------------------------------

Date: Thu, 18 Jan 2001 12:50:47 -0500

From: Newbie Richardson <pastcraftserols.com>

Cinda,

I spent the past few days going over the results of just a search with

scholars in Williamsburg at the "Textiles in the Home" seminar.

They pointed out several terms to watch for. First of all, there is a

specialized vocabulary - you have to read between the lines, so to

speak. A 'bed', and 'bedding' always refer to the textiles, never the

furniture. Also look for 'testors', 'valences', 'curtains','rugs' (as

in bed rugs not floor coverings), upholstery, ect.Beds were refered to

as 'bed stead'.

Many people had no textiles to leave - they were the single most

expensive item in a household (before 1820) and some families of

middling means simply did'nt have much.

In reviewing the wills at Old Sturbridge Village and other historic

sites in southern New England, Lynne Bassette noted that the value of

quilts declines in direct corrolation to the availability of fabric - c.

1825/30. The textiles were no longer "valuable". The labor to create

these items never was valued. Things haven't changed much, the labor of

needlework is still grossly undervalued today!

A good person for you to talk to is Kim Ivey, asst. curator of

textiles for colonial williamsburg. She is VERY nice and accessible. I

am sure that she could give you some valuable info - besides, I know

that she would love to know about Talbot County! She just finished

researching and putting up: "Curtains, Cases, and Covers: Textiles for

the American Home 1700 - 1845" It will be up until 2002.

Newbie Richardson

------------------------------

Date: Thu, 18 Jan 2001 18:33:36 -0000

From: "Sally Ward" <Sally.D.Wardbtinternet.com>

 

>. A 'bed', and 'bedding' always refer to the textiles, never the

> furniture.

In William Shakespeare's will the only thing he left his wife Ann Hathaway

was his 'second best bed'. This is often misinterpreted firstly as being

the actual bed, not the covers, and secondly as being a rather derogatory

bequest. However, it makes more sense to assume that as he was leaving

her the bedcovers which would have been most used they presumably had happy

memories - rather than the 'best' bedding which was likely to have received

little exercise <G>

Saly Ward, UK

------------------------------

Date: Thu, 18 Jan 2001 14:06:38 -0500

From: "John Cawley" <cawleygoeaston.net>

This probably falls into the category of "Get a life!" but can somebody

explain to me why the 2000 issue of Uncoverings measures 6-1/8"x9-1/4" when

its predecessors all measure 5-1/2"x8-1/2." This means that the most

recent volume doesn't fit on the shelf where its sisters live--a minor

problem, but annoying none the less.

Cinda on the Eastern Shore who really does have more important things to

think about but was reminded when I went to look for 1985 to read the

articles about Civil War quilts that Hazel Carter reccommended

------------------------------

Date: Thu, 18 Jan 2001 18:13:36 -0600

From: Laura Hobby Syler <texas_quilt.coairmail.net>

Many...Many years ago, (circa 1983 or so) when I had 17 women working for my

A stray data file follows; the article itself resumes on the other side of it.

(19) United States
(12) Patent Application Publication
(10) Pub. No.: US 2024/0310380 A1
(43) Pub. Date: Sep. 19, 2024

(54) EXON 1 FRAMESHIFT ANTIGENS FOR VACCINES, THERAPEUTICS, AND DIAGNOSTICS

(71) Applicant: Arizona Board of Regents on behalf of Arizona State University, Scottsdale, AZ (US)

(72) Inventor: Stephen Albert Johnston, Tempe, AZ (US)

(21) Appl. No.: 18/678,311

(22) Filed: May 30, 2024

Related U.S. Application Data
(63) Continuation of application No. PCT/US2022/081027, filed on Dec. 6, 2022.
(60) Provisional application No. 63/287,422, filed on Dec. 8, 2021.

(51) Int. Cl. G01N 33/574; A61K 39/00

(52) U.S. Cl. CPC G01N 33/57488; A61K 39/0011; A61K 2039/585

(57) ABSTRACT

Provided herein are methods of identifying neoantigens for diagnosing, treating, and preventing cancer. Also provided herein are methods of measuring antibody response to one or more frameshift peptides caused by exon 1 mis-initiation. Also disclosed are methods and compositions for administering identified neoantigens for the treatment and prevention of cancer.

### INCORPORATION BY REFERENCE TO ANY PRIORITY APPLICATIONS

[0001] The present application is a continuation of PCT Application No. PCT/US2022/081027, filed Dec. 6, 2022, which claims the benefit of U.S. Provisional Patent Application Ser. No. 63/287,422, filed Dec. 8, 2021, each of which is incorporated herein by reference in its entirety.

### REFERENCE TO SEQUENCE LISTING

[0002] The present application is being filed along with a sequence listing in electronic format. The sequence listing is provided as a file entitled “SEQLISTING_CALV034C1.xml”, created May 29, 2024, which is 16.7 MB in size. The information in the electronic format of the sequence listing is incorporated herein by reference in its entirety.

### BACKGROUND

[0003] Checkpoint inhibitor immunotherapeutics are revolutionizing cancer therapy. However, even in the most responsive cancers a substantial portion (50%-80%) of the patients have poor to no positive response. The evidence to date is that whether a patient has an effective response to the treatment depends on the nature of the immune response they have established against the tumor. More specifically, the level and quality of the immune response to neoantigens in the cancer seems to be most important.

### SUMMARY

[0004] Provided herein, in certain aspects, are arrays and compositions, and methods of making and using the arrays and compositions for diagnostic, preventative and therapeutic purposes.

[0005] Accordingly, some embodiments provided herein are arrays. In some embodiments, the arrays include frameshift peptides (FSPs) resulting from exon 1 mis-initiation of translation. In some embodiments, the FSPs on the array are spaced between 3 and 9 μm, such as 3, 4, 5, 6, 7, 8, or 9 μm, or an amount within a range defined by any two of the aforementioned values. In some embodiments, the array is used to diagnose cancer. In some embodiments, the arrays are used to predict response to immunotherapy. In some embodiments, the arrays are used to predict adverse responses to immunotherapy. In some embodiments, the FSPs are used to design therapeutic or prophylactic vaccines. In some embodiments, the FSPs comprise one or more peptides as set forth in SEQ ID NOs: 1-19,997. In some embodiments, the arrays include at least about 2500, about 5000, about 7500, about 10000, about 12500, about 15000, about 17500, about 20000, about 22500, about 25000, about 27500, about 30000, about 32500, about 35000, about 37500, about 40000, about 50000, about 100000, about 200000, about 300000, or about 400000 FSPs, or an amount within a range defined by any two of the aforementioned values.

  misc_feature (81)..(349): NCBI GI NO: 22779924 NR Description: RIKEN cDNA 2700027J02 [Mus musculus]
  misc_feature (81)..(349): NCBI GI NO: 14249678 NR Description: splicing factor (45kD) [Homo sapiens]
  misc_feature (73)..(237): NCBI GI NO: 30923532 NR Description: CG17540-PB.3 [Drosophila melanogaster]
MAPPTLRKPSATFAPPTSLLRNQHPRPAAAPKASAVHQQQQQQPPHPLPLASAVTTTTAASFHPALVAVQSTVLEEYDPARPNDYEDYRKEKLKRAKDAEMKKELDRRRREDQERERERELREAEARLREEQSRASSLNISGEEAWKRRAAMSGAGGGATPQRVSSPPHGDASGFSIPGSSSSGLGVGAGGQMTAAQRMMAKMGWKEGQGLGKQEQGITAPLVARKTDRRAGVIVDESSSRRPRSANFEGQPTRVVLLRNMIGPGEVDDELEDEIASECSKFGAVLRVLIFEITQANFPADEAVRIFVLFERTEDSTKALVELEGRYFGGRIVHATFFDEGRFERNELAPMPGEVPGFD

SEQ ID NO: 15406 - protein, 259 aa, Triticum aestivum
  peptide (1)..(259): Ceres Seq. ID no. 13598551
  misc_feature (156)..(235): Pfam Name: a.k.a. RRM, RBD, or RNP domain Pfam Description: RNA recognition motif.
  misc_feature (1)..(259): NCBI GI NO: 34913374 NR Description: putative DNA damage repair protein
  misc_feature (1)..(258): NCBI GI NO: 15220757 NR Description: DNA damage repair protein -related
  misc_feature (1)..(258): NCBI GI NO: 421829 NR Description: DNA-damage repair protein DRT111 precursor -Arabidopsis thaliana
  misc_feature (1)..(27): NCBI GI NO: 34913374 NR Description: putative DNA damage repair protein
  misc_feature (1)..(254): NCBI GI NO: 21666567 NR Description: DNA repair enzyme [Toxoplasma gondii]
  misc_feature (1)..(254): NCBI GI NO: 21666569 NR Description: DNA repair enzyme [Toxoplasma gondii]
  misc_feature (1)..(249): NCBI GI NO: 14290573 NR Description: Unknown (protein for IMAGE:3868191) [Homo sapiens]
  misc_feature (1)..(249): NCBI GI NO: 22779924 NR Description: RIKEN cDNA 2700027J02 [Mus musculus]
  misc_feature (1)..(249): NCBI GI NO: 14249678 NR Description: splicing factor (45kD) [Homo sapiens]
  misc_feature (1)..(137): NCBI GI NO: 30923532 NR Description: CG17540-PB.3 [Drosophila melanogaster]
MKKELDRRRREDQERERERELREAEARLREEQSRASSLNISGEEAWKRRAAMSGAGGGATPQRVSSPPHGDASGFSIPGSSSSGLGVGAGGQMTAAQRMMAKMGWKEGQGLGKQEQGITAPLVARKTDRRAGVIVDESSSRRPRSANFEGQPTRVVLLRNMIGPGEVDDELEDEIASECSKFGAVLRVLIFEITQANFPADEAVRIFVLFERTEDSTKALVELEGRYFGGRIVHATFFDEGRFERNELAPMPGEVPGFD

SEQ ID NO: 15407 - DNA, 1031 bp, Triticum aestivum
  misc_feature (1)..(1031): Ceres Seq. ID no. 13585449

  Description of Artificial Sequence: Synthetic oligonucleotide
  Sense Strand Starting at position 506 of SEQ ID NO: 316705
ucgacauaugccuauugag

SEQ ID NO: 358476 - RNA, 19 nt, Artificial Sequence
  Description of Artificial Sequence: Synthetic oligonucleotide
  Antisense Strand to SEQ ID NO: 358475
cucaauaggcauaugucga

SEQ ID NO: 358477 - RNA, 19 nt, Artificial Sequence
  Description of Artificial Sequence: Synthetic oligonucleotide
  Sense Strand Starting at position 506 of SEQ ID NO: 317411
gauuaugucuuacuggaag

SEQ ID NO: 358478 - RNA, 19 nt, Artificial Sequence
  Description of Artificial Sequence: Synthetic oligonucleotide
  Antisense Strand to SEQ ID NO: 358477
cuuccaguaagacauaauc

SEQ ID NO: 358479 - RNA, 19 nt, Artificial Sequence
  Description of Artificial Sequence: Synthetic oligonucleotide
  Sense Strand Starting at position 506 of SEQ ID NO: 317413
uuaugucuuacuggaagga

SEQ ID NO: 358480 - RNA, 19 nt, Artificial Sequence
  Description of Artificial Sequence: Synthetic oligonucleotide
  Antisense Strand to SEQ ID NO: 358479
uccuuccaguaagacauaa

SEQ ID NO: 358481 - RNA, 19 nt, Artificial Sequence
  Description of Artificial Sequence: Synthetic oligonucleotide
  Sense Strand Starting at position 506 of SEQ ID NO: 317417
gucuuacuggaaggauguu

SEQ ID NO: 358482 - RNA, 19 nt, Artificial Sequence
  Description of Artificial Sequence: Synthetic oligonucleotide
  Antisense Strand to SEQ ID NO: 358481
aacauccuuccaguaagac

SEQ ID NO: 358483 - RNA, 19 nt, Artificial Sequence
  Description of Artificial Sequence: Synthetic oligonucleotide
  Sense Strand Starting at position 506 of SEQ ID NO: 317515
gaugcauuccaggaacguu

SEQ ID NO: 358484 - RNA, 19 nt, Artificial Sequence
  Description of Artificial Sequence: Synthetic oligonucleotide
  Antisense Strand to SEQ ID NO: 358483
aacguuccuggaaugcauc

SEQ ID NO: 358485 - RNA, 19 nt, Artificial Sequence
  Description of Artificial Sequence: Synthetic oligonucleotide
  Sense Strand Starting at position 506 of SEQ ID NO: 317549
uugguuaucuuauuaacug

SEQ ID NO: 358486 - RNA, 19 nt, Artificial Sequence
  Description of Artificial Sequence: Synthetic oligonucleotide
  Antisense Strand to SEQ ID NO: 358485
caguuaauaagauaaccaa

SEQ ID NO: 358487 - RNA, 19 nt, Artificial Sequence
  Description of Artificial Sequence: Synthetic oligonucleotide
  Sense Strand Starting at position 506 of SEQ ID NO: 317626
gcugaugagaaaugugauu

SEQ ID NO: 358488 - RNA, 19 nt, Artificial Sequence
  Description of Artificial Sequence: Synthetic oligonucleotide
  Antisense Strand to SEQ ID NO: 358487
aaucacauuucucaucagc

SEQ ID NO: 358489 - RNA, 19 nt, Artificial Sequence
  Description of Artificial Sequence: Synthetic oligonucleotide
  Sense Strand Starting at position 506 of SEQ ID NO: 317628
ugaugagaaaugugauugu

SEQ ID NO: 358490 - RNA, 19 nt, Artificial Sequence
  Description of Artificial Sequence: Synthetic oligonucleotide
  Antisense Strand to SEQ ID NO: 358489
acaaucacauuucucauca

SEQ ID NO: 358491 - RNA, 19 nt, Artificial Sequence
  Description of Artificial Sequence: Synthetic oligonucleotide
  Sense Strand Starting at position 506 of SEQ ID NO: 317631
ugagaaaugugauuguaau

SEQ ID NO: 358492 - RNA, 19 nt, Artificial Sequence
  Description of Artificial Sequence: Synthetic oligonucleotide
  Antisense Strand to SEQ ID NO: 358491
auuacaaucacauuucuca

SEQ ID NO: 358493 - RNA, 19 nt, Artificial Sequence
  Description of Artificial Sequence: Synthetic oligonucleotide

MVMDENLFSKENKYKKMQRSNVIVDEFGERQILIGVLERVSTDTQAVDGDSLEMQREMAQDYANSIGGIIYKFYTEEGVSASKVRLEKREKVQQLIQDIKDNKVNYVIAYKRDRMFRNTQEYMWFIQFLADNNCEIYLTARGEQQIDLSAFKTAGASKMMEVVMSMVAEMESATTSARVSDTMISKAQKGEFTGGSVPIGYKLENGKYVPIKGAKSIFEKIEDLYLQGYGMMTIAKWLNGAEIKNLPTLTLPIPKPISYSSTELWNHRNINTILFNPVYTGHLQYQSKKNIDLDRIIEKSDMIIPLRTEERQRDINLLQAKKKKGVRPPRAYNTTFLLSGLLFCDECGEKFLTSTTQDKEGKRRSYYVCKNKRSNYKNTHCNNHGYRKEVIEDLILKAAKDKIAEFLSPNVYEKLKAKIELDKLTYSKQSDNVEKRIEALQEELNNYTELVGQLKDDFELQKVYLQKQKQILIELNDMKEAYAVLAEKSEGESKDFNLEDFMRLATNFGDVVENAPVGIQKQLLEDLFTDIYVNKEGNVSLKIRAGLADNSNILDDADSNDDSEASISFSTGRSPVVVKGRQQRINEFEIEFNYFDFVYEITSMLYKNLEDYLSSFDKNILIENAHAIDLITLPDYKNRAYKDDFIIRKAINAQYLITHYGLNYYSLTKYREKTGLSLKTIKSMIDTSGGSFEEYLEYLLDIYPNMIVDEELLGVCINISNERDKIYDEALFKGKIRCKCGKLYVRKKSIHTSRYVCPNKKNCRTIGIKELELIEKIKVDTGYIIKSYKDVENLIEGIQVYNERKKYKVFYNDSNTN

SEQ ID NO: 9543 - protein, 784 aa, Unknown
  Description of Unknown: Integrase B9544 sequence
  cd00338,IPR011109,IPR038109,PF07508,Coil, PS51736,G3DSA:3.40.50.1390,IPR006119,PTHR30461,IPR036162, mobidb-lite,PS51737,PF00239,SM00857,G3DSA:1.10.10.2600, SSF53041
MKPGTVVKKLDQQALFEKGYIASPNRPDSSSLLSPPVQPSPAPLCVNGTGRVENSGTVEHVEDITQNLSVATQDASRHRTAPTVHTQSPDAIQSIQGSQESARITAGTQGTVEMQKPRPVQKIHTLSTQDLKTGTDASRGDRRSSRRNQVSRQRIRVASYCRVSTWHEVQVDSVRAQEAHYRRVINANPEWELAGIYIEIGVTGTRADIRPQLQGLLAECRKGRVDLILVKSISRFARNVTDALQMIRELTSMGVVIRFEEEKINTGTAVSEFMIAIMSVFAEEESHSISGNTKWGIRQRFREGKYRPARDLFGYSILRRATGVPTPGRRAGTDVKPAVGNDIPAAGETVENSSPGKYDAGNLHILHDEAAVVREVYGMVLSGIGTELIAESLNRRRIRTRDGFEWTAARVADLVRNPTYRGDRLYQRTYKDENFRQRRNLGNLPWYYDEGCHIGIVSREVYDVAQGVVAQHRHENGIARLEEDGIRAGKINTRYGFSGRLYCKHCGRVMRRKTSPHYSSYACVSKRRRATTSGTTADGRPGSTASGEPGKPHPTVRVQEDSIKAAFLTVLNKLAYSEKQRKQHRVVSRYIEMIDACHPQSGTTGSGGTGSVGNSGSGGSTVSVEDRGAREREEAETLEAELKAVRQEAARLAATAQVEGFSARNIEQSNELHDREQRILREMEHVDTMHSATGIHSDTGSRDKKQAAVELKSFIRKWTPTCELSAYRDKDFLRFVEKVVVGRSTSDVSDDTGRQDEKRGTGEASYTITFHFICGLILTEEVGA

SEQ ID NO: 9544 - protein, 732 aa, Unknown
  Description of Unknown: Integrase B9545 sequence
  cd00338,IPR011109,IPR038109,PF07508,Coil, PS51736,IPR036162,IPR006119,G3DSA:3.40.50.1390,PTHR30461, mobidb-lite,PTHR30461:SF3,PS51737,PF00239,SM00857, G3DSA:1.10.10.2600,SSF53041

hand quilting service..... one of my best quilters in Missouri needed to get

one of my personal quilt tops marked, but also had to cook supper at church

that day. Her DIL volunteered, and never actually having seen her MIL mark a

quilt decided that a blue ball point pen would be the best to mark on the

muslin.....that way MIL could see lines with no problem. Mary quilted it

beautifully, but never said a word. When I got the quilt back with all the

little feathered plumes marked in blue ballpoint I nearly died. Thank goodness

it was one of mine and not a clients! I used 3 cans of hairspray and 2 bottles

of alcohol, and lots of white thick cotton towels. Don't know what I would have

done if it had been cotton batting. At least with the Fairfield poly batting

the ink wicked through to the back and the towel.

Spray & blot, spray & blot....and not all of the ink came out...but did

eventually wash out with time.

Please note that black bic ball point is almost always perminant, even though

it doesn't say so. This is what Mary Ellen Hopkins uses to mark anything,

especially if it is to be cut on ie: PPT's, since you cut on the line you draw.

Laura

bonnie wilbur wrote:

> Some of my old household help books suggest spraying hair spray on ink

>

Many...Many years ago, (circa 1983 or so)&nbsp; when I had 17 women working

for my hand quilting service..... one of my best quilters in Missouri needed

to get one of my personal quilt&nbsp; tops marked, but also had to cook

supper at church that day. Her DIL volunteered, and never actually having

<i>seen</i> her MIL mark a quilt decided that a blue ball point pen would

be the best to mark on the muslin.....that way MIL could see lines with

no problem. Mary quilted it beautifully, but never said a word. When I

got the quilt back with all the little feathered plumes marked in blue

ballpoint I nearly died.&nbsp; Thank goodness it was one of mine and not

a clients! I used 3 cans of hairspray and 2 bottles of alcohol, and lots

of white thick cotton towels. Don't know what I would have done if it had

been cotton batting. At least with the Fairfield poly batting the ink wicked

through to the back and the towel.

<br>Spray &amp;&nbsp; blot, spray &amp; blot....and not all of the ink

came out...but did eventually wash out with time.

<br>Please note that black bic ball point is almost always perminant, even

though it doesn't say so. This is what Mary Ellen Hopkins uses to mark

anything, especially if it is to be cut on ie: PPT's, since you cut on